This week's Community Spotlight focuses on the thread "The Sandbox never got its chance" by precious328. As the title implies, precious328 is asserting that the sandbox sub-genre of MMOs never got its chance to shine:
There really is no true definition of "Sandbox MMO". However, the ultimate idea is geared around self-sustaining content, e.g., player economy, large worlds and versatile progression. There is no set path that will lead you to the end; there is no point A to point B.
The only chance the sandbox genre ever had, if you would call it that, is with Star Wars Galaxies. Its ultimate demise scares the hell out of developers, as if SOE's / LA's failure was because the game was considered a sandbox.
If you take a look at the master list of MMOs, you will find very few games with the above characteristics. There are probably less than 10. Regardless, the top three active Sandbox games, IMO, are as followed: Eve Online, Darkfall, and Mortal Online. None of these, with mild exception to Eve, experienced AAA development and marketing.
It's never been written that a sandbox game must be hardcore, e.g., first-person, full loot pvp, and full of void material (walking for 15 min without performing some sort of action. However, most naysayers depict the genre as is.
What a shame...
Does the MMORPG.com community agree? Let's find out:
robert4818 feels the reason sandboxes never took off has mroe to do with some of the sandbox fans themselves:
I would argue that its the Sand Box Fanboys who have really ruined the genre (if you can argue that the genre is ruined).
Its not the naysayers who insist that Sandbox means Full Loot, Large empty worlds. Its generally the SB Purists who shout down anyone who doesn't want those things in there. Many base their ideal on old UO, they try to emulate that as much as possible. Suggst a game have quests "Go back to wow", suggest no full loot pvp (or non-open pvp) "Go back to wow". etc.
eludor argues that it was the additional required effort, complexity, and lack of direction that hampered the sandbox genre:
IMO...For a good deal of people who play games (not necessarily gamers), everything that makes a sandbox successful in world requires too much work. Folks who enjoy player housing, crafting, political systems, and other forms of self-sustaining content are often quite differant than the must level to end game ASAP and do that content, make a new toon and do same thing crowd.
SWG was pretty complicated for the average new to gaming person. I know people with little gaming experience that just rush through everything, skipping storyline (not impressed by TOR's VOs) and play just to lvl and gain loot.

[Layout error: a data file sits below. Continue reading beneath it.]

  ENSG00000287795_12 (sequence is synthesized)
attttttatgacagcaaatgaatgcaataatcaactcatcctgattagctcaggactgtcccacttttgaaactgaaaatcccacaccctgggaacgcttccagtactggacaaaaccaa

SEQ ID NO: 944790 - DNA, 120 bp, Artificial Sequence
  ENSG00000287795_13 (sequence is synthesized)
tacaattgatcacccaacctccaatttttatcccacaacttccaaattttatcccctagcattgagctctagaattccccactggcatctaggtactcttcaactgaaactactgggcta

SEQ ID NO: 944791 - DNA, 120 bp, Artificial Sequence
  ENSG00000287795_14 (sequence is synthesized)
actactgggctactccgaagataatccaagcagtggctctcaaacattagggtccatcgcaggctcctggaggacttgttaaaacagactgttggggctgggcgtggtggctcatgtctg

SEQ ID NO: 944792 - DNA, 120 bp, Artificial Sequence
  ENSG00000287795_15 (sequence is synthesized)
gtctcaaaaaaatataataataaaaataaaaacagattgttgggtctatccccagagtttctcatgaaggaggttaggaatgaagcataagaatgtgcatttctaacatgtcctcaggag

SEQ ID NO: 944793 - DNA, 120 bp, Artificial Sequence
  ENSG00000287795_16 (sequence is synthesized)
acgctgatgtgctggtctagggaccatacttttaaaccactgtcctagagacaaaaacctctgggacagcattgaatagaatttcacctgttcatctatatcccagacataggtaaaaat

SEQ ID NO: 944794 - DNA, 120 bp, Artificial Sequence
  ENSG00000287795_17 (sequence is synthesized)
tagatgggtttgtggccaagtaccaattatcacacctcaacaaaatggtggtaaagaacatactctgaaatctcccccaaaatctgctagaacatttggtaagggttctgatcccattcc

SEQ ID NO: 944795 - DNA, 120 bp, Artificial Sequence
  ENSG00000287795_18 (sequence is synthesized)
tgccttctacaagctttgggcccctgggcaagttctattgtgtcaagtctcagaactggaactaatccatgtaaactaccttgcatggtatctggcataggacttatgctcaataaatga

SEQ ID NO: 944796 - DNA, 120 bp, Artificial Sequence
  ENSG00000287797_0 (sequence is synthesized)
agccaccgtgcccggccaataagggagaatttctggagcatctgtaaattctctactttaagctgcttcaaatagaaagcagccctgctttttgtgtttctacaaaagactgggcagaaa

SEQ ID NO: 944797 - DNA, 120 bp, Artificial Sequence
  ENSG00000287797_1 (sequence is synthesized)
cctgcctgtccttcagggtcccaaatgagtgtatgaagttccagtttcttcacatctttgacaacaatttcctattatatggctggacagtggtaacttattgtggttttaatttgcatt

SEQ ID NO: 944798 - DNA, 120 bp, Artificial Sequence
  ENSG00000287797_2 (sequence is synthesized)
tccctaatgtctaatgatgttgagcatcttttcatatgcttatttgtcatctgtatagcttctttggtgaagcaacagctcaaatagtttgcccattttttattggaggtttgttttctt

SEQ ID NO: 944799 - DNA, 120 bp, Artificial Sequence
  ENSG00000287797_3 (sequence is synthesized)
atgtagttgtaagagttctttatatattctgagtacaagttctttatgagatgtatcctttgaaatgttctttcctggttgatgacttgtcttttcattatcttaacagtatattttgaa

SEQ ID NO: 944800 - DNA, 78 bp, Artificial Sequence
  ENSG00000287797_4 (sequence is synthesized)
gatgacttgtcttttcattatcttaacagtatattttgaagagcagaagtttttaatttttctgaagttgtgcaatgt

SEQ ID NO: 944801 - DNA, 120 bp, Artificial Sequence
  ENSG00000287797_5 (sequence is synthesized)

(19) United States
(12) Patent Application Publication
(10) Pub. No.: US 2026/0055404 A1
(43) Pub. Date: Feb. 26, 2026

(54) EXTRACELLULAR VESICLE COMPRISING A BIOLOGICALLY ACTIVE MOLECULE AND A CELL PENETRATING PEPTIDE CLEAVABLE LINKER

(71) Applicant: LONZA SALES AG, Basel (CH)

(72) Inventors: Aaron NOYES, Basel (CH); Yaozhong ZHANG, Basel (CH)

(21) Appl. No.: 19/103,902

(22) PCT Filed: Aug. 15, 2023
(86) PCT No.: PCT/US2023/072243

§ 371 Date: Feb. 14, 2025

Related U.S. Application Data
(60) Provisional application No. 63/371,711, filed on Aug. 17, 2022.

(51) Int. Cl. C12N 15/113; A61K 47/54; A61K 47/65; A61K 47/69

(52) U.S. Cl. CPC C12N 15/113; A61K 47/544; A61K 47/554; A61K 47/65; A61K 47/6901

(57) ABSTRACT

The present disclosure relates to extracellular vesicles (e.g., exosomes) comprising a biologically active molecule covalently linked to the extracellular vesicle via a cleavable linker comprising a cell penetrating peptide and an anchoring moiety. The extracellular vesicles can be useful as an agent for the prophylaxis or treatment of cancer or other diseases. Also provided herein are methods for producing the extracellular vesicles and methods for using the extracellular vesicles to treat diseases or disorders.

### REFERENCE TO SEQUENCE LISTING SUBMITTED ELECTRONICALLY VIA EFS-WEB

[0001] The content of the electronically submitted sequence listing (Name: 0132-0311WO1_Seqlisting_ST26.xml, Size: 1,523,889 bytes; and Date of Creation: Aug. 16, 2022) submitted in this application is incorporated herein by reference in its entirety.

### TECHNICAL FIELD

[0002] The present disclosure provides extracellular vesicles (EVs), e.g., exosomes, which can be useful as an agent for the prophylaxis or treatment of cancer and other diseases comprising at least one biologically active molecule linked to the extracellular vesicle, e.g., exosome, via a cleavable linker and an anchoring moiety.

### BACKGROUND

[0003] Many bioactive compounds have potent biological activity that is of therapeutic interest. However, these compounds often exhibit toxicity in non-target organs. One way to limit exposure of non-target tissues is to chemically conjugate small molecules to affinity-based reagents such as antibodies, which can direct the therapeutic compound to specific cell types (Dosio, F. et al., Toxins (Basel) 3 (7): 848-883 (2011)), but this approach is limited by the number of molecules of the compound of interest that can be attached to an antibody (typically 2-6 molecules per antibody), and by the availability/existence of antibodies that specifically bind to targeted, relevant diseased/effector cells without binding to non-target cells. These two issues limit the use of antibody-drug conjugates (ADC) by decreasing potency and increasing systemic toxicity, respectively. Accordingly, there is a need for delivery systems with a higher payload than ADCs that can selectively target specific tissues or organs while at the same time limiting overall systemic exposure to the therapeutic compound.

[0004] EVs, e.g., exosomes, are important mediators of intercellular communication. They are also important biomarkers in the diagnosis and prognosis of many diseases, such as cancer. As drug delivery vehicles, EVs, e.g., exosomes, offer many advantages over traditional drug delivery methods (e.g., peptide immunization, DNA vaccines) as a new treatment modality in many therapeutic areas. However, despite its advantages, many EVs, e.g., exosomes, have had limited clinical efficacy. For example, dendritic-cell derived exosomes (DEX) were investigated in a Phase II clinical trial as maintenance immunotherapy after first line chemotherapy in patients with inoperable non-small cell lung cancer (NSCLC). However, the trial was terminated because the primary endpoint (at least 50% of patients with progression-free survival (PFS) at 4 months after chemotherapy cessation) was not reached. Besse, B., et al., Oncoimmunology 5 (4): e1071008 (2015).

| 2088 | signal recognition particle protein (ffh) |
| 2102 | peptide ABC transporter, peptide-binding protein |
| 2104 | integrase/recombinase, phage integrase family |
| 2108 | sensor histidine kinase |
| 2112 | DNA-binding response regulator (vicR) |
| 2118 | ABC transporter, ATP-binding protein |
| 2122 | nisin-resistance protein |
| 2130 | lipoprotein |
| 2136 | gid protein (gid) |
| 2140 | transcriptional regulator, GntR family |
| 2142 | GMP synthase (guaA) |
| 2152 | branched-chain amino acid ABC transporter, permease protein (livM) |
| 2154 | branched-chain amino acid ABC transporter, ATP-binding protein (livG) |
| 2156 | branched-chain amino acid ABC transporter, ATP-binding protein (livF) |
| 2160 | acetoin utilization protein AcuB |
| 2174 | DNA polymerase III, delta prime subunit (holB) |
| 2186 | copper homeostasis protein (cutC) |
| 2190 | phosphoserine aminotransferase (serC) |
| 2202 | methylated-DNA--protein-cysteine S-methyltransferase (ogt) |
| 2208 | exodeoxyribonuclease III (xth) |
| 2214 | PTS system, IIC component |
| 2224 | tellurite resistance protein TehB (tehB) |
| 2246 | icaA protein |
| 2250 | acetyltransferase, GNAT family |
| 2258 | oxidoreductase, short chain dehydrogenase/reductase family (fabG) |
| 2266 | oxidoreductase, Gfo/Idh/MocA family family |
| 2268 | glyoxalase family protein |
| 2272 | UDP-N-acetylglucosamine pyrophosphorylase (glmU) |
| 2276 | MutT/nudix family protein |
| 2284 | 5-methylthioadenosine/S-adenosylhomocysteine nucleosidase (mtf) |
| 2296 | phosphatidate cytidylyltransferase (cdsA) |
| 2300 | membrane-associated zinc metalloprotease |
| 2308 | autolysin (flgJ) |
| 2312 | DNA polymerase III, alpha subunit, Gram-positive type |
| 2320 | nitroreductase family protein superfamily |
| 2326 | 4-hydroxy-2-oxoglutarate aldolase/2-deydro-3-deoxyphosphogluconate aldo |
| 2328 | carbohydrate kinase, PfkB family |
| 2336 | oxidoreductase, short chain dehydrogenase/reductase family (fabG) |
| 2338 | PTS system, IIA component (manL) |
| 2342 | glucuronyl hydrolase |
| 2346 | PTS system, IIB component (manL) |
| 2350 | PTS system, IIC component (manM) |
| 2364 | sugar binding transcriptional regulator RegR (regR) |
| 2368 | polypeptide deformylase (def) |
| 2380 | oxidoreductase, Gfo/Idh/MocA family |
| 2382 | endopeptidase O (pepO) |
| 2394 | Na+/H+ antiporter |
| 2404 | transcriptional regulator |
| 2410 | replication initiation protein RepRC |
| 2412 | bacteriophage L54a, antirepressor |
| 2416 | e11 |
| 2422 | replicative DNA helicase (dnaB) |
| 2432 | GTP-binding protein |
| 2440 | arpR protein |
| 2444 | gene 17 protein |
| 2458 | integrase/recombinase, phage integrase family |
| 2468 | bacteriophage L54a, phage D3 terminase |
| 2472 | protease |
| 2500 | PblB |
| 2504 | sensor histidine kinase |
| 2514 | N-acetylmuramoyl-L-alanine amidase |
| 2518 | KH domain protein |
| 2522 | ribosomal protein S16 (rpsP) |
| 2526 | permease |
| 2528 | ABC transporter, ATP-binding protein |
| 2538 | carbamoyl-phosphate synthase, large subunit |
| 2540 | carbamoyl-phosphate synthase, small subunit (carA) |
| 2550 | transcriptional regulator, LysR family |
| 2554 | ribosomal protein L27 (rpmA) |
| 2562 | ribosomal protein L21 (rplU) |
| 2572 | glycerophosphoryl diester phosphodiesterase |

Lots of people require direction, and when left in an open world they don't have the desire nor creativity to contribute.
Emeraq disagrees with the OP entirely, noting that with Ultima Online the genre did actually have its chance:
OP I disagree, Ultima Online still fits that description. I remember playing it on and off in the year 2000, and the entire time I was hoping and wishing for an MMORPG that actually played a lot more like a console RPG with classes, levels, story and quests, and regardless of what people say about the genre today, it's obvious that I wasn't the only one that wanted it.
IMO Sandbox did have a chance, and many players preferred developer quests and content over RPing their own.
Like Emeraq, I also feel the genre had its chance. I wasn't there for Ultima Online, but with Star Wars Galaxies, which also did significantly well before the NGE, and later EVE Online, I'd say the genre has had more than ample chance to shine. Sandboxes are naturally harder to cultivate, given that they require creativity on part of the userbase and are not wholly dependent on developer content. As such, it's not possible to release a sandbox game in the same way as a themepark MMO and just go off the initial subscriptions and sales to say whether or not it failed. A game like World of Warcraft comes with a significant amount of content built in and gamers either enjoy it or they don't. Sandboxes tend to build up over time, which is what we saw with EVE. This is problematic for the genre as a whole as it would take a long time for people to even recognize that a new sandbox game was succeeding unless it reached critical mass quickly (Minecraft). Combine this with the complexity and investment noted earlier and you have a genre that is basically pretty niche and hard to market to wider audiences, something that became much more desirable after the meteoric rise of World of Warcraft.
I feel if you're looking for the next great sandbox game you'll probably want to keep an eye on CCP Games' World of Darkness. Now, they've not said anything on the type of game this would be, but given the IP and CCP Games' expertise at designing a succesful sandbox MMO it would make perfect sense for World of Darkness to be a legitimate new sandbox game. The game will be niche from the get-go and so there is no reason for a company like CCP to shy away from their roots here and pursue a themepark-style MMO.